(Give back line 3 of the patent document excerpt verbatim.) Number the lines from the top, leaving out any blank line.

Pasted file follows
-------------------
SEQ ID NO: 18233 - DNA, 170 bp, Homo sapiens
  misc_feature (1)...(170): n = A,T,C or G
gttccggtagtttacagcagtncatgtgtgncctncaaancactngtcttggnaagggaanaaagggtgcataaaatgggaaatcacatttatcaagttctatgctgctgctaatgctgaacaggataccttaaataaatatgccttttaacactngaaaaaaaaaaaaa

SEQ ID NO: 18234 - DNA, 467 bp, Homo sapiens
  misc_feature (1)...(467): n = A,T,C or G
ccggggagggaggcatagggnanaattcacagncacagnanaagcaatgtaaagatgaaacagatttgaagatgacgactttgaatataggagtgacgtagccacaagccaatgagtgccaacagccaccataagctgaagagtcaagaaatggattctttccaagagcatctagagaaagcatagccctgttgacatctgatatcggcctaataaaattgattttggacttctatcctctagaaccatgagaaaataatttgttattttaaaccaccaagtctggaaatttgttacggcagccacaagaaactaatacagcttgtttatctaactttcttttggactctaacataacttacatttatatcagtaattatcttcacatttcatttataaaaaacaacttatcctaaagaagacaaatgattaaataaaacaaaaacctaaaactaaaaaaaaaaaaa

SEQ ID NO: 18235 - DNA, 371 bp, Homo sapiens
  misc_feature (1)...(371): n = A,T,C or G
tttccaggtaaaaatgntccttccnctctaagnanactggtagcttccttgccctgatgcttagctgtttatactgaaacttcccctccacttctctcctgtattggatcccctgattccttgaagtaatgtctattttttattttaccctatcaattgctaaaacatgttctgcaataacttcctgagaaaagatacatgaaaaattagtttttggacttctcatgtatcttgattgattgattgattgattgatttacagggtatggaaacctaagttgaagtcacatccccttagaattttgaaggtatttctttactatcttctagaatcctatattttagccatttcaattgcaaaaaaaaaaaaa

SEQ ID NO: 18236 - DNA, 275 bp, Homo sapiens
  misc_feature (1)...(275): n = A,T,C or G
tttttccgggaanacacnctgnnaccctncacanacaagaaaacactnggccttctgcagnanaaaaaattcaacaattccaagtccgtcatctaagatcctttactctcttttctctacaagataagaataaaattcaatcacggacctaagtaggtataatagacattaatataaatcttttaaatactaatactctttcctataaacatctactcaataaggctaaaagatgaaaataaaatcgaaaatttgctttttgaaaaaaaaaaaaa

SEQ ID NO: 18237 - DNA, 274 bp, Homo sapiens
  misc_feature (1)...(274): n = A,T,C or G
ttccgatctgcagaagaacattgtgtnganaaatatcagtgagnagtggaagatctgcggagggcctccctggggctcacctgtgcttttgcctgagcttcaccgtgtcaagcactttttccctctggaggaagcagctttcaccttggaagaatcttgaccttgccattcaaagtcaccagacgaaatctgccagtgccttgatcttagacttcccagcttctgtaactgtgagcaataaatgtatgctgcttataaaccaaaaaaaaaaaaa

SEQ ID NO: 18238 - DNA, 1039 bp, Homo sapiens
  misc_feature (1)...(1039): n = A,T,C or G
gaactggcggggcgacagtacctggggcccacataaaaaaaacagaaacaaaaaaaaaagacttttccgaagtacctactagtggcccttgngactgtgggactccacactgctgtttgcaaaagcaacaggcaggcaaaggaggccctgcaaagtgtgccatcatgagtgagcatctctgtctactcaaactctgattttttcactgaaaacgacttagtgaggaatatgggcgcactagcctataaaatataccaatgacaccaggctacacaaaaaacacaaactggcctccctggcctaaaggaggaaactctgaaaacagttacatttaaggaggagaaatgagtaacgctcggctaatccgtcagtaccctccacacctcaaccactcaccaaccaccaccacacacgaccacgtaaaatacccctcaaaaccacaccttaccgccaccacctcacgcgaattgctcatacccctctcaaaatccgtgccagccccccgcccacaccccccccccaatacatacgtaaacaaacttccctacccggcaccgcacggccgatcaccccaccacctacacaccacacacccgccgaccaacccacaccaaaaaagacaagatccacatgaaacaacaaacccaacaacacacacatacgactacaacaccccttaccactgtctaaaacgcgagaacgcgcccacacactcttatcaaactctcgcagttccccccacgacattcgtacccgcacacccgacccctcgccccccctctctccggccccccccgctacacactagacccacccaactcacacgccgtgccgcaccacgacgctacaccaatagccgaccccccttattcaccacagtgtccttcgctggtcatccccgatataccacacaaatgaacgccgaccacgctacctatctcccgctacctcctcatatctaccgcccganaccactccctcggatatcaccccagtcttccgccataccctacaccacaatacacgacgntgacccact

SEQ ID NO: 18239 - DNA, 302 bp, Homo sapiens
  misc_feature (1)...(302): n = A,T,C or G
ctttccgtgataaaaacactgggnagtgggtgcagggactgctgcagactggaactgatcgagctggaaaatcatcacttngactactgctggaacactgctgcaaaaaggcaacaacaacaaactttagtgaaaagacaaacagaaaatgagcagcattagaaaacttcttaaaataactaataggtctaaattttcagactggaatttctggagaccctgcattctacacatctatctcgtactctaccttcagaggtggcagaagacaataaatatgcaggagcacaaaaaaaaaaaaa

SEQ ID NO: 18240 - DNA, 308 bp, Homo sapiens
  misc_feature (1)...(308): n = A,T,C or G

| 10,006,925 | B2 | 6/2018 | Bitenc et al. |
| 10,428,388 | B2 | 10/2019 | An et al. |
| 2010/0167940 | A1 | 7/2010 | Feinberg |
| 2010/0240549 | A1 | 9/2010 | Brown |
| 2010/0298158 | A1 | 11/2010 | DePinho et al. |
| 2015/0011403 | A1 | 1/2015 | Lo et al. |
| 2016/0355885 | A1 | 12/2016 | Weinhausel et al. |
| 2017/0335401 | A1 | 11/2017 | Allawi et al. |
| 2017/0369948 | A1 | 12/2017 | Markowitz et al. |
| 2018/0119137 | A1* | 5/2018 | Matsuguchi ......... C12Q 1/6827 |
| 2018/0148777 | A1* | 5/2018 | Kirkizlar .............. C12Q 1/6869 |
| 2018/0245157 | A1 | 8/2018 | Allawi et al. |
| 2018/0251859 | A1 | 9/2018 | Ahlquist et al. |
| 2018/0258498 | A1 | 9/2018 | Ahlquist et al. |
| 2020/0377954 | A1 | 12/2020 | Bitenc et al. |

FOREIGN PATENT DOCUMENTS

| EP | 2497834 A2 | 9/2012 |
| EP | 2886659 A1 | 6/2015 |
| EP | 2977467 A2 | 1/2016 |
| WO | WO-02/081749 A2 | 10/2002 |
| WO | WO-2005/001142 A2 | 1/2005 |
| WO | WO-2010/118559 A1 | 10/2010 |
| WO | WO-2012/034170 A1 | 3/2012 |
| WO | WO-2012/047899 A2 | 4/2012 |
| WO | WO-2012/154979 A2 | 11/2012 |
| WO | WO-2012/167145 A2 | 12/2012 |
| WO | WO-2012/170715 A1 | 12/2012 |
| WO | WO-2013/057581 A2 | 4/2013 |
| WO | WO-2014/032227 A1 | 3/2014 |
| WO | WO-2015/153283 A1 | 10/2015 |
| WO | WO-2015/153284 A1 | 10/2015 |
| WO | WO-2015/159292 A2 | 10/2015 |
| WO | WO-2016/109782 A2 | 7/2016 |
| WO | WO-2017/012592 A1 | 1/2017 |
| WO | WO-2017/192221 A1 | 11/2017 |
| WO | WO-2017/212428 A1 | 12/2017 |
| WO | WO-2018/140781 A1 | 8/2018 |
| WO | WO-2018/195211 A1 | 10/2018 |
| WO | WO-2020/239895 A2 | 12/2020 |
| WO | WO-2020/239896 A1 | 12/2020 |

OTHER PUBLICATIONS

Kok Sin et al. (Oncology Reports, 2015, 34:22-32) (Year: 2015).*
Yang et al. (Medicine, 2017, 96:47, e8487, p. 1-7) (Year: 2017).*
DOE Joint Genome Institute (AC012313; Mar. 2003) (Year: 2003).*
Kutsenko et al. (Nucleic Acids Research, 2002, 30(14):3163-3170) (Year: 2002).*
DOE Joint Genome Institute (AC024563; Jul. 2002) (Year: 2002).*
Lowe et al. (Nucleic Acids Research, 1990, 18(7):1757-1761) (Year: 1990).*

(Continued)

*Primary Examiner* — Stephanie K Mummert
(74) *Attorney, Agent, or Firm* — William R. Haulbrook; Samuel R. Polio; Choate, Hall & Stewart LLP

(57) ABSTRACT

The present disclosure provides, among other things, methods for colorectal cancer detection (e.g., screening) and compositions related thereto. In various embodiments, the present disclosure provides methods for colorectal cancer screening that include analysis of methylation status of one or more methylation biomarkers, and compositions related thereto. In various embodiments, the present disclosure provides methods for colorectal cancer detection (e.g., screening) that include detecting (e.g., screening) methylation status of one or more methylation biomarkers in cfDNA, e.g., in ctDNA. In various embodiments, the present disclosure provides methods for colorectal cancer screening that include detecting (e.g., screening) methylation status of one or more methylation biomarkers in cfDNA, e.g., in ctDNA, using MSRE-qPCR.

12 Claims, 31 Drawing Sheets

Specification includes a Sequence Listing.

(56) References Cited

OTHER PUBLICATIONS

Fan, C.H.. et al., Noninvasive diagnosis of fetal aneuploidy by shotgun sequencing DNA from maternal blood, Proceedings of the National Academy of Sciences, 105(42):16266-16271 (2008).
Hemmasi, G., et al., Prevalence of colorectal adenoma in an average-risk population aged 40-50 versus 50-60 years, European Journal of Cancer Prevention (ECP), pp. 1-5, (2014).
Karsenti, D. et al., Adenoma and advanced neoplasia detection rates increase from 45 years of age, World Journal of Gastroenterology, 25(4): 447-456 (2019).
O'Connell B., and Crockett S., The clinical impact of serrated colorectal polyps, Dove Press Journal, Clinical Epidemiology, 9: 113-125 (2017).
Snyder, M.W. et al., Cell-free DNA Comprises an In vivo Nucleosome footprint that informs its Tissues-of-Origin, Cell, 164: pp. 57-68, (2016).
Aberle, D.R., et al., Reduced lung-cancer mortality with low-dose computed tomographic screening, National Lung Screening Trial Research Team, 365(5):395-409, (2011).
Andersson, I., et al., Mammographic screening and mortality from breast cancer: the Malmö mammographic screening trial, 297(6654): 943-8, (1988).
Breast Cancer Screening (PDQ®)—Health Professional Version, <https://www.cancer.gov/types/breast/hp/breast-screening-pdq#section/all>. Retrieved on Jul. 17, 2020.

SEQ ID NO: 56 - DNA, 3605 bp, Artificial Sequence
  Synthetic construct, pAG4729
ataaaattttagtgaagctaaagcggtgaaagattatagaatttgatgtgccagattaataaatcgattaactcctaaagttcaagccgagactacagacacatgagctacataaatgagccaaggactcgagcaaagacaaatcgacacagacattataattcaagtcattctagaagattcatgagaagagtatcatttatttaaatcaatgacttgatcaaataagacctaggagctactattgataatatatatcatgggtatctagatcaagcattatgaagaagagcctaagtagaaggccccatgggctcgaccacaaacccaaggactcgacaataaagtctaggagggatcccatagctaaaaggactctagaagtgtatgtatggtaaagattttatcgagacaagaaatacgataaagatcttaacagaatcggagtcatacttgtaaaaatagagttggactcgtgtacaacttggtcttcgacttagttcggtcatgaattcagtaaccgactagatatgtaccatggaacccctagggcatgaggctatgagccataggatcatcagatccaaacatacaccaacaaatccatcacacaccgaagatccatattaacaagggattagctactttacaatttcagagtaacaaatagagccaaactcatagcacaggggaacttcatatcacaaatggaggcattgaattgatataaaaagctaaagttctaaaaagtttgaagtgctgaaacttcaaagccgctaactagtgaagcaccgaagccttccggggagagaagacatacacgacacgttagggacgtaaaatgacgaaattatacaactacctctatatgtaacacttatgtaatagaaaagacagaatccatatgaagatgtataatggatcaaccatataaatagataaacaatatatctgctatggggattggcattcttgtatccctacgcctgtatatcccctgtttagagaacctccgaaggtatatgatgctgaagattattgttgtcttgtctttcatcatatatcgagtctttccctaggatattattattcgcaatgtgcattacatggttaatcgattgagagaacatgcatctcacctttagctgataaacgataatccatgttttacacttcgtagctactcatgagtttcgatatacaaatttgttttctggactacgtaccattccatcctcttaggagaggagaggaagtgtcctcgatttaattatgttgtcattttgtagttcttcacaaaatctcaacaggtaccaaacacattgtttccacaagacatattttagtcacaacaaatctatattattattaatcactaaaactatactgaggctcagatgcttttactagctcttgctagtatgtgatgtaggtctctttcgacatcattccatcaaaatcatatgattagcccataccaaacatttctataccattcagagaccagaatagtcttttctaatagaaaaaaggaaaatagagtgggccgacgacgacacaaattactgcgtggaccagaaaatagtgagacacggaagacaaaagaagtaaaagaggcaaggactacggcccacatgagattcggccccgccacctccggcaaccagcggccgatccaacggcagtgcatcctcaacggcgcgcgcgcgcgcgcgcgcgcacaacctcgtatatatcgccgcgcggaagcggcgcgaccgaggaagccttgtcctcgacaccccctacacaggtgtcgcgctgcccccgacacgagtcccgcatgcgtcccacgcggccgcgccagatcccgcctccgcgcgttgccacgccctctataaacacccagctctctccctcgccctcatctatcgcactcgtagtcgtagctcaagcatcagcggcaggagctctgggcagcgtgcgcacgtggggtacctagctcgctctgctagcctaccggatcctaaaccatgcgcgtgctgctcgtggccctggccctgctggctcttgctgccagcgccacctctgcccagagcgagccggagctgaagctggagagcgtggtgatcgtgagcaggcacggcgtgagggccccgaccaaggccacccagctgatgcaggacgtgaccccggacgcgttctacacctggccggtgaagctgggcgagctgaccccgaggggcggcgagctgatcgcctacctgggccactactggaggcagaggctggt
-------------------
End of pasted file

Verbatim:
gttccggtagtttacagcagtncatgtgtgncctncaaancactngtcttggnaagggaanaaagggtgcataaaatgggaaatcacatttatcaagttctatgctgctgctaatgctgaacaggataccttaaataaatatgccttttaacactngaaaaaaaaaaaaa